Friday, September 15, 2017

My Life with the Saints

My Life with the Saints
© 2007 James Martin, SJ
414 pages

The church I grew up in consistently referred to Rome as the whore of Babylon, so needless to say I didn't learn anything about saints. I knew Biblical personalities, sure, but was completely oblivious to the hundreds of men and women throughout the Christian era who served as outstanding examples, witnesses, or reproaches to the rest of us. I encountered a few in history books, like St. Augustine,  but they were more statuesque than human. The sole exception was Joan of Arc, who began as a figure from history but became (as I read various biographies) someone I felt an odd sense of affection for.  James Martin grew up Catholic, but his saintly education seems to have been almost as paltry as mine, discovering most of them as he attended seminary and trained to be a Jesuit. In the beginning, Martin notes that Catholics approach saints as both intercessors and companions; the latter approach inspiring most of this book.

My Life with the Saints mixes biography -- his, the saints, and others -- with spiritual reflection. In each chapter, Martin recounts his encounter with each personality, sharing how they shaped and informed his own spirituality while connecting their lives to people he has worked with through the years.  St. Francis,  "the fool for Christ", is revisited in the story of another 'fool', a priest who worked with gangs in Chicago and would try to disrupt fights by walking into the middle of the fracas, dressed in a blue-jean robe.  Martin mixes Biblical, medieval, and modern personalities, and includes a fair few people (notably Thomas Merton and Dorothy Day) who aren't "official" saints.   Although I purchased this hoping to meet a lot of obscure personalities, the mix meant only a handful were  completely new to me. Even so, I found Martin's meditations  refreshing, particularly the conclusion in which he remarked on the variety of the saints -- old, young, rural, urban, intellectual, hardy, mystical, rational -- and the hope that presents  to readers, that sainthood isn't limited to a superhero type.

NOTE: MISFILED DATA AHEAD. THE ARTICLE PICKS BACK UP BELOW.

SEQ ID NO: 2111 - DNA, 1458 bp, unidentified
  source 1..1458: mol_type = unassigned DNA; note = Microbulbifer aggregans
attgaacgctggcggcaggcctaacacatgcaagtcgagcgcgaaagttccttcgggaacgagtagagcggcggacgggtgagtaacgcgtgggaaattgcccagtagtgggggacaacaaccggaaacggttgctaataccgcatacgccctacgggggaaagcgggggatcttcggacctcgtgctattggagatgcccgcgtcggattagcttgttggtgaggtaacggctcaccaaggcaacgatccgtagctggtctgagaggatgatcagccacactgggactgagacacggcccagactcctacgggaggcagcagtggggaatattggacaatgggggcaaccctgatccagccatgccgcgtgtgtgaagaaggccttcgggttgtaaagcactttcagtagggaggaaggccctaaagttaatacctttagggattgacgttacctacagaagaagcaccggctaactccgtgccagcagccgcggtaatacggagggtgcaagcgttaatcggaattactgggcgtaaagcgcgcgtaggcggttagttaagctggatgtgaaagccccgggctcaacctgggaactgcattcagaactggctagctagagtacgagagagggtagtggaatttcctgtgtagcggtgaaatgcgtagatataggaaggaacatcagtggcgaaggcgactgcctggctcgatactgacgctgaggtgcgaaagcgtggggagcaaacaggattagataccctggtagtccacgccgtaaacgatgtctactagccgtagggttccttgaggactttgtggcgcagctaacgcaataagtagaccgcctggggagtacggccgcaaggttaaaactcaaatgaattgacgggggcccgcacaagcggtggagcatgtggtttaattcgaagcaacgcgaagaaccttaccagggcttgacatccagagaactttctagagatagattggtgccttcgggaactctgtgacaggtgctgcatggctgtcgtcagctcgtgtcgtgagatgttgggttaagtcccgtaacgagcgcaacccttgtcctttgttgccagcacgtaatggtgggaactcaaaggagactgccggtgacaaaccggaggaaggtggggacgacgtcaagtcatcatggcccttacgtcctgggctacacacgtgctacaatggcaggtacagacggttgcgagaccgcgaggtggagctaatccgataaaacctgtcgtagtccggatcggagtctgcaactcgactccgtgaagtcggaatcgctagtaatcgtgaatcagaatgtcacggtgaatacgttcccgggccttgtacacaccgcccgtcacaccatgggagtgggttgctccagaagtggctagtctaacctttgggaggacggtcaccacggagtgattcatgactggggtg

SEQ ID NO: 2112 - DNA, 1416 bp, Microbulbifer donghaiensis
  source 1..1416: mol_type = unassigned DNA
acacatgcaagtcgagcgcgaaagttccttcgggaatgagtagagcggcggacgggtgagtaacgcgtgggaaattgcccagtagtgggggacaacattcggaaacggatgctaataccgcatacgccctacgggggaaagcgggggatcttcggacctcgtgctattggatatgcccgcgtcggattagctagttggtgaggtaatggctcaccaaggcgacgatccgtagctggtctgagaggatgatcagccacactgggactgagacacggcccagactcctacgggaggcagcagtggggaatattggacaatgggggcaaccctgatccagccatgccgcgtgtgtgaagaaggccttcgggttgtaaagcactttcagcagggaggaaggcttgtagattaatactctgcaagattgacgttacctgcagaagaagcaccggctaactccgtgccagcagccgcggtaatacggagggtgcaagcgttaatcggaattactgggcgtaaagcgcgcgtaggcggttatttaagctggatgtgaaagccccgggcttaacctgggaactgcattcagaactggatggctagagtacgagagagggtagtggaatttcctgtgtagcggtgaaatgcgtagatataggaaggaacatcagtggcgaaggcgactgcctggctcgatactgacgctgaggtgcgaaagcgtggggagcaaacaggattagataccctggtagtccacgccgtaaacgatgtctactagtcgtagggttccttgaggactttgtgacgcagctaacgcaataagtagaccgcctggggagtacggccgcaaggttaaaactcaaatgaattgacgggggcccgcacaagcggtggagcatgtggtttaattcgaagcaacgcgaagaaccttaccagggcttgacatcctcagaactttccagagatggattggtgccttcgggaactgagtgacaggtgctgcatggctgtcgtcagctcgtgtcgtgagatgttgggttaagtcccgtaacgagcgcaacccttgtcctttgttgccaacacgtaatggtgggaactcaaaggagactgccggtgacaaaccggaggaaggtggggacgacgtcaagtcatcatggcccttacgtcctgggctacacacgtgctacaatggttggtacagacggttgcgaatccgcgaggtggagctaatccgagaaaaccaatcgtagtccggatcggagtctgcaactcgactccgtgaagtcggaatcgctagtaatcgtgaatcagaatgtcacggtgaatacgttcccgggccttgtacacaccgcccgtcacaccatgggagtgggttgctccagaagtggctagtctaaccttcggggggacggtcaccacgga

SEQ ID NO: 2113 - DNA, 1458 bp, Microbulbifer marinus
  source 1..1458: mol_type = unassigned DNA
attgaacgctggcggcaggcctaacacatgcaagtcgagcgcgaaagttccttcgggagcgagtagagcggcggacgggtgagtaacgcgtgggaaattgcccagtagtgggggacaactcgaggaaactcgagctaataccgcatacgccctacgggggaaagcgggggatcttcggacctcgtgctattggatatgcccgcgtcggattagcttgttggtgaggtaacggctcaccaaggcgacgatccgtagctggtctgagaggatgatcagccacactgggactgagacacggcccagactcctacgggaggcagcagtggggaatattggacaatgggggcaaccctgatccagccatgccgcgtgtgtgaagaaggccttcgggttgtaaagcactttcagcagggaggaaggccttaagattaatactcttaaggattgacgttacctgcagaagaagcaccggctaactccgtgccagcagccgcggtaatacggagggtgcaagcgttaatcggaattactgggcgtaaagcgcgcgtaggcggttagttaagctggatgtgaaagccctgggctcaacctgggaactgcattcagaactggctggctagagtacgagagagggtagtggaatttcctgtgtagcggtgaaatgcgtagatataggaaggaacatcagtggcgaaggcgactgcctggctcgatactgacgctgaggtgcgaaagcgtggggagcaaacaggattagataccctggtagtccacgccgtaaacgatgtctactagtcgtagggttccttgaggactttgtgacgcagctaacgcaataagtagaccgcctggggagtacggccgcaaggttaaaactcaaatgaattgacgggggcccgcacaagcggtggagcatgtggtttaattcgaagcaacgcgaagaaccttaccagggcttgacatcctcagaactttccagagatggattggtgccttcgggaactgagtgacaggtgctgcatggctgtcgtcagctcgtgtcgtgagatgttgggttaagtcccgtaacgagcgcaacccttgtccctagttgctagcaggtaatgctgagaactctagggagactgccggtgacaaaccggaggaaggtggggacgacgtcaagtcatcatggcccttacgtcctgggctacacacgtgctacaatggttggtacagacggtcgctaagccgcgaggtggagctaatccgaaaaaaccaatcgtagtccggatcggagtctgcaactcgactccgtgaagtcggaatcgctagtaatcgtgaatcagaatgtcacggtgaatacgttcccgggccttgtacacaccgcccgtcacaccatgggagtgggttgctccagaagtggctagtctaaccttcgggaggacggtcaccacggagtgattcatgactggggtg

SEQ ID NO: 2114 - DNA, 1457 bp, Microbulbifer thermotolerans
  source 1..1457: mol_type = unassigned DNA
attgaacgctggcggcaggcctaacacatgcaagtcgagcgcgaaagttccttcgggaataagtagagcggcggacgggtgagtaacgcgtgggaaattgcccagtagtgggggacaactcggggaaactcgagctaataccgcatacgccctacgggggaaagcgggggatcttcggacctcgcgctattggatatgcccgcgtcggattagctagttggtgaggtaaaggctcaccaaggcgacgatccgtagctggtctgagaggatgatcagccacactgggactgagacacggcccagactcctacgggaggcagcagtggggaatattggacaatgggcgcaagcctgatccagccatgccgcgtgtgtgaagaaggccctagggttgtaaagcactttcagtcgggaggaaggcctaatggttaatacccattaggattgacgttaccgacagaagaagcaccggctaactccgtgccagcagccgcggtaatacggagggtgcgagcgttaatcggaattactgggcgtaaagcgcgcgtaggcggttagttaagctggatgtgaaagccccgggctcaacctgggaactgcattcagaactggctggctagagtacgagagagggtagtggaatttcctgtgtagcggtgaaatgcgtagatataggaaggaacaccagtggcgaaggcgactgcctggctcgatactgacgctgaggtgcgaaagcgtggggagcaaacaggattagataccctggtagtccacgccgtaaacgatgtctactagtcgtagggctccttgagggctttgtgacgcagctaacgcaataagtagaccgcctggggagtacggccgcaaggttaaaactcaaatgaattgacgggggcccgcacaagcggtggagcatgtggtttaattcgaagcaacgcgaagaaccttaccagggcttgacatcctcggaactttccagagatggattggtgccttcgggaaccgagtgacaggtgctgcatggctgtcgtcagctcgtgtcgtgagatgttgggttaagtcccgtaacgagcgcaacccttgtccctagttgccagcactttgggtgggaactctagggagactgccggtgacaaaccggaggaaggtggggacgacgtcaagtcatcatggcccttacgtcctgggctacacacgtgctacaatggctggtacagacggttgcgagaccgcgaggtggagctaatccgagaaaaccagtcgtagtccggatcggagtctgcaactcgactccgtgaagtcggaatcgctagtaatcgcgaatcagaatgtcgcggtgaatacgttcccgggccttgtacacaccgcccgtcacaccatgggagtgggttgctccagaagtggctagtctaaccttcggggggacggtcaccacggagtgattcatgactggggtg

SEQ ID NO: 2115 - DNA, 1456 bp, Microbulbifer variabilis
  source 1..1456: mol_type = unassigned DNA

The Long Loneliness, Dorothy Day
The Seven Storey Mountain, Thomas Merton
The Personal Recollections of Joan of Arc, Mark Twain


  1. And my reading list just keeps on growing! Thanks, Stephen.

    1. That's why us book people need to stick together - to feed off each others book lists!

  2. This sounds really interesting.

    I grew up in a Catholic household where saints were revered. It is fascinating just how many there are and as you mention, the diversity of their characters and stories.

  3. I think this would be an interesting read. I'm currently reading Simone Weil. She's not a Catholic saint, in fact she refused to join the church, but she is revered by Catholics today as one of their mystics.


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